Monday, 2/8 at 11:00PM
of project: Open
History about the Java Language
This project will make sure that you have installed all of the class tools,
that you can check-out projects, save your work, and submit projects. You
may also learn a couple of interesting facts about Java.
This project allows you to read a little about the
historical development of Java from the web. You can get all of the
information you need from the web page at http://java.com/en/javahistory/timeline.jsp
-- use the information on that site to correct the information in the Java
source file provided on CVS. When deleting information that is not
correct, make sure you delete the slashes in addition to the incorrect names
Overview of What You Must Do For This
We have written a project called "Spring10Proj0", which has been
copied to your personal CVS repository. Your job is to do the following:
- Download and Install Java, Eclipse, and the course
plug-ins onto your computer (unless you are working in a lab on campus.)
- "Check out" the project. (That means copy
it from your CVS repository onto the computer you are working on using the
CVS Repository Perspective.)
- Using the Java Perspective, edit the project (as described
below and in the file itself) and then save your work.
- Run the project and read what is on the screen to make
sure it looks correct. If it is not correct, go back to #3.
- Submit the project for testing and grading. If you
haven't received all of the points from the submit server for this
project, go back to #3.
Detailed descriptions of these four steps follow:
1. Install the Course Tools
Detailed instructions for installing the course tools can be found by following
this link. (If you have already done this on the machine you will be
using for the project, there is no reason to do it again.) It is
important that you follow those instructions very precisely so that you will
have the correct versions of all of the tools. In a nutshell, you will do
- Install the correct Java version.
- Copy the Eclipse zip file to your computer.
- Extract the contents of the zip file, therefore having
Eclipse and its corresponding CMSC departmental plug-ins available for you
2. "Check Out" the Project
- Get your class account. If you have not
already done so, login to the grades server (grades.cs.umd.edu) to obtain your
class account and password. The account ID will have this
format: cs131xxx. (You will need your University of Maryland
directory ID and password to access the grades system.)
- Create a CVS Connection. If you have not
already done so, you will need to create a "CVS connection" in the
CVS repository perspective of Eclipse. You only need to do this once
on any particular machine that you want to work on. (The same CVS
connection can be used on that computer for the entire semester.)
Here's how to do it: After changing to the CVS repository
perspective, right-click the left-hand portion of the screen (under
the tab that says "CVS repositories") and select "New,
Repository Location". This will bring up a dialog box with lots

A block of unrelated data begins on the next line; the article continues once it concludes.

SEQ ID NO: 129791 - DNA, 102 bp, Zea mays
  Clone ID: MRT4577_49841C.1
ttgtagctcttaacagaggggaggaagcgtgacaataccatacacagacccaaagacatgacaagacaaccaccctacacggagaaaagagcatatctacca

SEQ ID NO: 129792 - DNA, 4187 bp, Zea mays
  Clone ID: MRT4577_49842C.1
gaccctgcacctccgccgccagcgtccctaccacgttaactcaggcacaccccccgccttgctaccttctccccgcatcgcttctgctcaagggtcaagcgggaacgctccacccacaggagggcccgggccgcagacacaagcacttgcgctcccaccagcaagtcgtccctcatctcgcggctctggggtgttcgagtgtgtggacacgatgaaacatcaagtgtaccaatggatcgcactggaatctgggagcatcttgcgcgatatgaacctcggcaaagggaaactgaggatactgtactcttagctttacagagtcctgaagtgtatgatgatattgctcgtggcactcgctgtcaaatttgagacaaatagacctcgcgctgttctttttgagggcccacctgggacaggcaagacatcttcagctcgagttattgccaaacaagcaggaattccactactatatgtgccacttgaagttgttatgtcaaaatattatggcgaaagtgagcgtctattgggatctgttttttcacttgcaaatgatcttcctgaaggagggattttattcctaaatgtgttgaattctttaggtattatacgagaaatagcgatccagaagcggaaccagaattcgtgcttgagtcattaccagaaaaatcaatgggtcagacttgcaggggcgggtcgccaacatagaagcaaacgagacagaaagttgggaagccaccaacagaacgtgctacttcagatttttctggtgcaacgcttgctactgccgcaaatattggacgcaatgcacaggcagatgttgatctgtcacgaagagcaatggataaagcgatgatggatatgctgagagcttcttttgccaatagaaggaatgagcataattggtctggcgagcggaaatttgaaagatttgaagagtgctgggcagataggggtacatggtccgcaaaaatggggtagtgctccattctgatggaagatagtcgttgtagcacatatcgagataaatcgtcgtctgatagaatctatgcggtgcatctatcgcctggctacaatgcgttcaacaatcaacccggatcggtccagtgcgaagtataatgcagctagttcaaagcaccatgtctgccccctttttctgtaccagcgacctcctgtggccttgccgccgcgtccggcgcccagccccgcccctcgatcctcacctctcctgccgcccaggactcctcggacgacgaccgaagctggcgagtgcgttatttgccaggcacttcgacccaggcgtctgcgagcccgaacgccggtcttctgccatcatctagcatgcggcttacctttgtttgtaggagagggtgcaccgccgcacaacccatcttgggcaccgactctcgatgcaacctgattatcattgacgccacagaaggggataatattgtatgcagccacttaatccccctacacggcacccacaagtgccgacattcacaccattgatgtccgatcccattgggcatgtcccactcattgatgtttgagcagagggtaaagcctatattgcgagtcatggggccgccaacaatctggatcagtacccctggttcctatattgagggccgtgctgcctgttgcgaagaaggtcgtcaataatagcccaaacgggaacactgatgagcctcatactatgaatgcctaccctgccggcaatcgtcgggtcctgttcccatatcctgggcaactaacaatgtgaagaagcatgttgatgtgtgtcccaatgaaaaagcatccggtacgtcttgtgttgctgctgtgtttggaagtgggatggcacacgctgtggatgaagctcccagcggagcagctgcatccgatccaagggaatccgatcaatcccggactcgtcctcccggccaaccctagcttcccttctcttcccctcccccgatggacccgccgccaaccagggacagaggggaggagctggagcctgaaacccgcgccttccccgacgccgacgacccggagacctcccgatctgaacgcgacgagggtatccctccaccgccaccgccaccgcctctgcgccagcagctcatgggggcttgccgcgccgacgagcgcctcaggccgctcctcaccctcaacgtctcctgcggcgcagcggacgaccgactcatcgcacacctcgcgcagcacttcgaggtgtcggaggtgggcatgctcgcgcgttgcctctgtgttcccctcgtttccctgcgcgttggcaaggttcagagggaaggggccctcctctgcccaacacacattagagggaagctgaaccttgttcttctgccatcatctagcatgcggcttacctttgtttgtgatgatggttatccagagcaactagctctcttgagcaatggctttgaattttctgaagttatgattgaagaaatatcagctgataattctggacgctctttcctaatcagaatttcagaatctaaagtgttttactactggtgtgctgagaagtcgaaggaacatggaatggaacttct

of things for you to fill in. Fill in the fields so that they look exactly
screenshot. You should use your class account ID in the two places
where it says "cs131XXX", and you should type the corresponding
password into the box that says password. Everything else
should be copied so that it looks exactly like the screenshot. Note
that the connection type must be changed to extssh.
- Check Out the project. Click the little
"+" (or triangle) next to the CVS connection that you
created. Then click the little "+" (or triangle) next to
the word "HEAD". You should be able to see an entry that
says "Spring10Proj0". Right-click this folder, and select
"Check Out". That will copy the project files to the
computer that you are working on.
3. Edit the Project and Save
- Switch over to the Java perspective. On the left
side of the screen (under the tab that says "Package Explorer")
you will see the project "Spring10Proj0". Click the little
"+" (or triangle) next to the folder. Now click the little
"+" (or triangle) next to "default package". You
should see a file called "JavaHistory.java". This is the
file you must edit! Double-click this file and it should open in the
editor on the right-side of the screen.
- Try running the program. Make sure that the file is
open in the editor, and then select Run, Run As, Java Application
from the menu at the top. You should see the output in the
"console" window at the bottom of the screen.
- Modify the contents of the file so that it has only
correct information. You need to make sure you remove all incorrect
information and slashes from the sentences. You will find more
specific instructions in the file itself -- you'll see what we mean when
you open the file.
- When you're done, save your work by clicking the little
disk icon at the upper left or by selecting "File, Save" from
the menu at the top.
4. Run the Project looking at the
Always run the project and make sure it looks correct to you before
submitting the last time. Make sure everything works as expected -- if
not, edit the file to repair it, save, and try running it again. If you
get stuck, drop by to visit one of us during office hours!
5. Submit the Project
- To submit, right-click the project folder (in the
"package explorer" window within the Java perspective) and
choose "Submit Project". If you do not see the
"submit" option, then your plug-ins were not installed
- Go to the submit server (submit.cs.umd.edu) to see if you
passed the tests. If you didn't pass the tests, fix up the project
source file, test it and then submit it again!
There are two public tests and five release tests that you
must pass for this project. Together these comprise 100% of the project
grade (since there will not be any portions that need to be graded by the TAs
for this project). You will get the points for the tests you pass - you
can know how many points you have by release testing your submission.